Volume 74, Number 10 | July 7 - 13, 2004



Scoopy's Notebook

Grassroots effort: Protesters are pitching a new approach to get the Parks Department to allow them on the pitch — that is, either the Great Lawn or North Meadow — for a mass rally for 250,000 people the day before the Republican National Convention starts. “We’re willing to take off our shoes to go into the Lawn,” proposed John Penley, a leader of the Yippie protest contingent. “We’ll have a mass de-shoeing of protesters at the site…. They let ’em sit up there and women have spike high heels on,” Penley added, referring to events on the Lawn for the Philharmonic and Metropolitan Opera. Conversely, he said if the mayor and Parks continue to deny a permit for the park to United for Peace & Justice, it’ll be a big mistake. “If they don’t let ’em use Central Park, we’ll tell everyone to go to Central Park — and stay there,” Penley warned. “Bloomberg’s got a choice — a three-hour rally in Central Park or a three-day rally in Central Park.” However, the no-shoes boogie plan isn’t getting any traction with Parks. Margaret Johnson, a department spokesperson, said, “It’s an imaginative idea — unfortunately removed from reality. Shoes on or off, it’s still more than three times the maximum number that can fit into the area.”

Jeffords: Thumbs up! We were catching a breather up in Vermont over the Fourth of July weekend and took in Michael Moore’s new documentary, “Fahrenheit 9/11,” in West Rutland. As we were going in, we bumped into Jim Jeffords — the Vermont senator whose switch from Republican to independent is portrayed in the film — who was leaving the earlier showing with his wife, Liz. Jeffords gave the flick an enthusiastic thumbs-up. “When I heard I was in it, I had to see it,” he told The Villager. “I think it’s very accurate and well done — a little exaggerated, but basically true. And I hope the American people will believe it.”

Vanishing committees: Jim Smith, Community Board 2 chairperson, informs us he has regrettably disbanded the board’s Arts Committee, proclaiming it “defunct for lack of participatory interest by board members… The only board member left on the committee was its chair,” said Smith. While Smith said the committee was born with noble goals, “in seven years a stream of members have come and gone, including four chairs.” Specific arts issues will be handled by other committees, such as Parks, Waterfront, Sidewalks, as appropriate. Whether the Arts Committee flap over installing the apple sculpture by Stephan Weiss, Donna Karan’s late husband, in Hudson River Park, played any role, Smith didn’t say. In addition, the board’s L.G.B.T. Committee isn’t doing so great, either. Cynthia Smith, the committee’s most recent chairperson, is going back to school at Harvard for a year. “There’s been no response to my call to board members for a volunteer to take over,” said Smith. “While the committee will be on hiatus indefinitely, its members remain on call for when the committee revives.” If a matter requiring a resolution arises, he said he’ll assign it to an appropriate active committee, such as Social Services or Youth.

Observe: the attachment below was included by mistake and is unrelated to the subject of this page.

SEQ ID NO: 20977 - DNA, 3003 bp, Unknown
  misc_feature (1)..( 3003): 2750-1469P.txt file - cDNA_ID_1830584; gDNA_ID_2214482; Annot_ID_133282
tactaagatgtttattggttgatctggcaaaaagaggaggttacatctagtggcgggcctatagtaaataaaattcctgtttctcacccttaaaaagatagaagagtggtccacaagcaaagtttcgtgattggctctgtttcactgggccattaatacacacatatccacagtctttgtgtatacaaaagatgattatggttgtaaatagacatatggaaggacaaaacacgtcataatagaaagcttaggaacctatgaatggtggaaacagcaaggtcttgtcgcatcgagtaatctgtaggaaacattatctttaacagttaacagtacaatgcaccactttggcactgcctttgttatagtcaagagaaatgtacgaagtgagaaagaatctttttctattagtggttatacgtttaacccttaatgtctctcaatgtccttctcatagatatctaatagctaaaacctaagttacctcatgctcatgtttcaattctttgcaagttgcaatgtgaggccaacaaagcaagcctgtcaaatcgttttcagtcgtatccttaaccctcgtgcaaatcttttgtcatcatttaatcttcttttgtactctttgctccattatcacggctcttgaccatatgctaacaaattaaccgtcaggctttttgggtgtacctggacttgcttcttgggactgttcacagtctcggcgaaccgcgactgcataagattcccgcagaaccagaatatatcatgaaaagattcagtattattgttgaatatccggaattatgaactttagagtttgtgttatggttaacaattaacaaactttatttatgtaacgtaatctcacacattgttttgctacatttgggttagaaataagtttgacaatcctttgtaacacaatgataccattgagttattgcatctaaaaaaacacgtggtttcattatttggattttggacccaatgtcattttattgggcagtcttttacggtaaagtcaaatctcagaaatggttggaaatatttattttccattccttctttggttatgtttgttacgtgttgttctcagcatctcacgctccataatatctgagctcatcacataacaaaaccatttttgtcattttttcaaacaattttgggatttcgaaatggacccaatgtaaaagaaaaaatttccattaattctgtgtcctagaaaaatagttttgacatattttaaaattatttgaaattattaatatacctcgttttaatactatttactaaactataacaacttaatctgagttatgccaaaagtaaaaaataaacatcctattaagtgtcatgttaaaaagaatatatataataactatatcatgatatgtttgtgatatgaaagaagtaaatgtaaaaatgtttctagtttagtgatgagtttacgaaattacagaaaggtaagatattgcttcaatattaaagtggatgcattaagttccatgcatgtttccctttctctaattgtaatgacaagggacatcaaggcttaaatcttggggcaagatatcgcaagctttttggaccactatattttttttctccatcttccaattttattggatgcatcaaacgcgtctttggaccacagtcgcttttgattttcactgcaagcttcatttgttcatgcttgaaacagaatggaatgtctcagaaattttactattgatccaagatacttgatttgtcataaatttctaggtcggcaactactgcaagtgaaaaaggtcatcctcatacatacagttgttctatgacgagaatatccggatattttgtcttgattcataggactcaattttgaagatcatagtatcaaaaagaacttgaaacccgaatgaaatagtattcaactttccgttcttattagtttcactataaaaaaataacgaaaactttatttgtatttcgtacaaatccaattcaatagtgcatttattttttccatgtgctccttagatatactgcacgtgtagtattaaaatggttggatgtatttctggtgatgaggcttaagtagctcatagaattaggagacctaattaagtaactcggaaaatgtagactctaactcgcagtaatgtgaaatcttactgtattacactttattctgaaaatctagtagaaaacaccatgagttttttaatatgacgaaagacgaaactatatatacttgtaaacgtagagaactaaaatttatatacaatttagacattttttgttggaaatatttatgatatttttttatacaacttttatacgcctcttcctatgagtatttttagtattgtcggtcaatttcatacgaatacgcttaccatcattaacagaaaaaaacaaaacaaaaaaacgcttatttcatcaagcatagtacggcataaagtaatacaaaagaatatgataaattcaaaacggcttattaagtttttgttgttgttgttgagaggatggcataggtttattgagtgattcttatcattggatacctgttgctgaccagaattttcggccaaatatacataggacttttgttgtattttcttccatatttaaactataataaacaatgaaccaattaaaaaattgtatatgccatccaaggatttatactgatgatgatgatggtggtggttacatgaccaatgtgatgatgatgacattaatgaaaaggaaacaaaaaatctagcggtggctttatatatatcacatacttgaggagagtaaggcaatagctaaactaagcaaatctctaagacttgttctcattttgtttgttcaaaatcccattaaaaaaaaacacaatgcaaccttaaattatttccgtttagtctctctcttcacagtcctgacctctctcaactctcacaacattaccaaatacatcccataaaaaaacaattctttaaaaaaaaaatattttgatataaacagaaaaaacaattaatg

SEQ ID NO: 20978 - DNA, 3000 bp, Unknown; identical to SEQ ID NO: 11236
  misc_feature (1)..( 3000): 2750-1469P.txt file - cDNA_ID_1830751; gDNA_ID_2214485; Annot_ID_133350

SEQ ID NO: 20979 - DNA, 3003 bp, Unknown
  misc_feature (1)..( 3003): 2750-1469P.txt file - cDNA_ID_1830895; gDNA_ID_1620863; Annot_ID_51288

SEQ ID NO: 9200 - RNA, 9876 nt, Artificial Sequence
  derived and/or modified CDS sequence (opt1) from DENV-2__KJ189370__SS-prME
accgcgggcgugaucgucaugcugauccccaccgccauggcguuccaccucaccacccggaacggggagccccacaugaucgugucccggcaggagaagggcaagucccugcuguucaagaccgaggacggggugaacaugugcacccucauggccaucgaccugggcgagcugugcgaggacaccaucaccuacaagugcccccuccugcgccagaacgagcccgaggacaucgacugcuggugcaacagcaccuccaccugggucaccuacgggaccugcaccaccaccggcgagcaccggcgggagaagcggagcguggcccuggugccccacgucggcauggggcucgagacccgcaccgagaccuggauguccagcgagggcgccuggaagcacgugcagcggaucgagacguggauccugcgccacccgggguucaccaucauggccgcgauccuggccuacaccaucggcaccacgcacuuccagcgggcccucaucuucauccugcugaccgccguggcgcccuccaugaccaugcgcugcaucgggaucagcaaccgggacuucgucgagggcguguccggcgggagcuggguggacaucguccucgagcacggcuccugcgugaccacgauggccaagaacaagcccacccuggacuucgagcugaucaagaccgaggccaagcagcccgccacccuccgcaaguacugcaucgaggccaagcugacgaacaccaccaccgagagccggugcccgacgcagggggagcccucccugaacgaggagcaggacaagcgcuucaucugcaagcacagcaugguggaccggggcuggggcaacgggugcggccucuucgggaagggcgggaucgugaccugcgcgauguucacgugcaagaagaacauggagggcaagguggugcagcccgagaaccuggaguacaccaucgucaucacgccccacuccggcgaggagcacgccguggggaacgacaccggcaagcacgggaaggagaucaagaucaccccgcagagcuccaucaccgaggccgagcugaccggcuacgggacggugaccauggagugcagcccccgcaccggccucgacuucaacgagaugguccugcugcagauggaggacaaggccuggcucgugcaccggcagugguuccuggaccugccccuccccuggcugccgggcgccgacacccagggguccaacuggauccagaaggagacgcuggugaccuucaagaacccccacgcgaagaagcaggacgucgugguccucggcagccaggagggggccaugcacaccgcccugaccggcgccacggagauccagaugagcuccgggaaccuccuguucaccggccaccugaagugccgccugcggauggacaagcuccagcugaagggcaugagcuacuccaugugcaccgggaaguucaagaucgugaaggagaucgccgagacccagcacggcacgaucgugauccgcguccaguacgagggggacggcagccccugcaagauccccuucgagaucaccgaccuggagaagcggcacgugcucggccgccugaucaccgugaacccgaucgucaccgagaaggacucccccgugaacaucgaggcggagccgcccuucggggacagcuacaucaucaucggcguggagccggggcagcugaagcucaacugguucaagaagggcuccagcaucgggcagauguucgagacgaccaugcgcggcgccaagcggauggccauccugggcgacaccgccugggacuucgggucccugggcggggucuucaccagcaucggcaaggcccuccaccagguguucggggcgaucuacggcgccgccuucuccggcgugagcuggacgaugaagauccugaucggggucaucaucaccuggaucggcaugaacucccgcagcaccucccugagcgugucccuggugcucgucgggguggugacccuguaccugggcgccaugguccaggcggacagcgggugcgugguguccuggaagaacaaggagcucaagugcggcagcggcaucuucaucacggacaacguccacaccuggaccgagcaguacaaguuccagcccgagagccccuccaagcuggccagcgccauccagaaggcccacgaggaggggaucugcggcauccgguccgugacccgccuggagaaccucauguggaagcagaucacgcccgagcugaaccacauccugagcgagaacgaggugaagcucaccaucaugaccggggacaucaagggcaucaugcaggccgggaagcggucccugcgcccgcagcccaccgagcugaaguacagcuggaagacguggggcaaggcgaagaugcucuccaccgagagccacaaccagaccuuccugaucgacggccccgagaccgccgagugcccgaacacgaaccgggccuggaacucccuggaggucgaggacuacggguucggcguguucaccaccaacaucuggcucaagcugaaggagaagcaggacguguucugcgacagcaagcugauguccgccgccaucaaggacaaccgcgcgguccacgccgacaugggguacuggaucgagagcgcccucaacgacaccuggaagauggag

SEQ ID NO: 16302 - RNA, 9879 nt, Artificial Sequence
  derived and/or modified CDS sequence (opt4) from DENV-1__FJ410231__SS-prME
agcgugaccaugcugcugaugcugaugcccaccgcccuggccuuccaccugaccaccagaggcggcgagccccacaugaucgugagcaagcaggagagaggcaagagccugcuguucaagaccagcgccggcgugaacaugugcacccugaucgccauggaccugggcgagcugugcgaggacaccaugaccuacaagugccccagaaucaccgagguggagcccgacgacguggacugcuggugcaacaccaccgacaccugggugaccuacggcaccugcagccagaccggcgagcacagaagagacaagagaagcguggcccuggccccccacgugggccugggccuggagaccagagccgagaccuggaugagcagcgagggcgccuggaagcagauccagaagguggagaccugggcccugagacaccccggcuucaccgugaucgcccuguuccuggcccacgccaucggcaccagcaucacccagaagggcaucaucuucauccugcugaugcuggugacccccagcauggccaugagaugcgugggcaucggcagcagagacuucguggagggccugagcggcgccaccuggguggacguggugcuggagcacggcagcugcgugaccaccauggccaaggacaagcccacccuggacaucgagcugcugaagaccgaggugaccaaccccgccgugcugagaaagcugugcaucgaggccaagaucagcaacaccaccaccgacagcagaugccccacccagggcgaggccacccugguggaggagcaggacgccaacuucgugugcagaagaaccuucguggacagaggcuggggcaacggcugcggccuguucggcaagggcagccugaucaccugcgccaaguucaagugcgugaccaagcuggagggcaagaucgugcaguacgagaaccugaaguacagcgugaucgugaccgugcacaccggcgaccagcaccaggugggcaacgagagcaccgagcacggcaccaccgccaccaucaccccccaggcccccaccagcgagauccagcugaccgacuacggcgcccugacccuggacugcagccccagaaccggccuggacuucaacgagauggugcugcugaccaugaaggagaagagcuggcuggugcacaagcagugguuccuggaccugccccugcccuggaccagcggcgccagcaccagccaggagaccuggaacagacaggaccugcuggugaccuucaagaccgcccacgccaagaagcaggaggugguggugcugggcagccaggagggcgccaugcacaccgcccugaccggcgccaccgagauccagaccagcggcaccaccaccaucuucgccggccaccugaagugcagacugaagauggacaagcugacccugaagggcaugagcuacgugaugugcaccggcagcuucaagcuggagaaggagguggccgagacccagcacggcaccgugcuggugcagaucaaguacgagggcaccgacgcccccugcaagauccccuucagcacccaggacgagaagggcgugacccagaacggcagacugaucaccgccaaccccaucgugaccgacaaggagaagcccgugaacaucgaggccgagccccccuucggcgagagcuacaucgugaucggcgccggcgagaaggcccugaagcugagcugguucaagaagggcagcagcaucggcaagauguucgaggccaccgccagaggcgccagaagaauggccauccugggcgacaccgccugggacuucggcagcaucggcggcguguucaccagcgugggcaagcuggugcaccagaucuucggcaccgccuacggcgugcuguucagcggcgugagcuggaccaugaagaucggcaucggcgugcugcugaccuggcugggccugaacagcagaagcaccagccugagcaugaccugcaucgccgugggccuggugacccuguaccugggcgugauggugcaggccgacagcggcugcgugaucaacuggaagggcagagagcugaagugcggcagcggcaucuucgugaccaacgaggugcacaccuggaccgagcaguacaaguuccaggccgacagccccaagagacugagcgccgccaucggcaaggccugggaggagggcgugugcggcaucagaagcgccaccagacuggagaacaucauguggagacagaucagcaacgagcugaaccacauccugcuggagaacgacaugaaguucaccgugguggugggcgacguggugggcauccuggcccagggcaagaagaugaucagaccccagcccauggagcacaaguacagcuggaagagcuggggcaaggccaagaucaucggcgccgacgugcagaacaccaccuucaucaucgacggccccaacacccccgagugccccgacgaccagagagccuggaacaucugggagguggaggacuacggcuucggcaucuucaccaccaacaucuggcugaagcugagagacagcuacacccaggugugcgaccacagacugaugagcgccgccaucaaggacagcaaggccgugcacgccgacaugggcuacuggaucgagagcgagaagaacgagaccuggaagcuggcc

Toasts McWater: They were once mortal foes, but last week Marcia Lemmon of Ludlow St. said she only wishes David McWater well as Community Board 3’s new chairperson. “Good luck. That’s a tough job. That’s great,” said Lemmon, once the Lower East Side’s most feared anti-bar watchdog, who has been laid up the last few years due to health problems. Lemmon provoked the ire of McWater when she went after his pal Gary Auslander, owner of Baby Jupiter on Orchard St., ultimately convincing the State Liquor Authority to shut the place down. Asked about her past clashes with McWater — who owns several bars on Avenue A — Lemmon said, “That was years ago.”

U.P.S. delivering site? We hear U.P.S. has picked a developer for its parking-lot site at Washington and Spring Sts. As The Villager first reported in April, the delivery company issued a request for proposals for developers to build a 450,000-sq.-ft., 12-14-story, residential building. Jackie Larson, a U.P.S. spokesperson, said yesterday, “We are talking to people about developing the property. We have not finalized who we are talking to. We definitely want to retain a presence in the property.” U.P.S. reportedly would have an 80,000-sq.-ft. garage in the new building.

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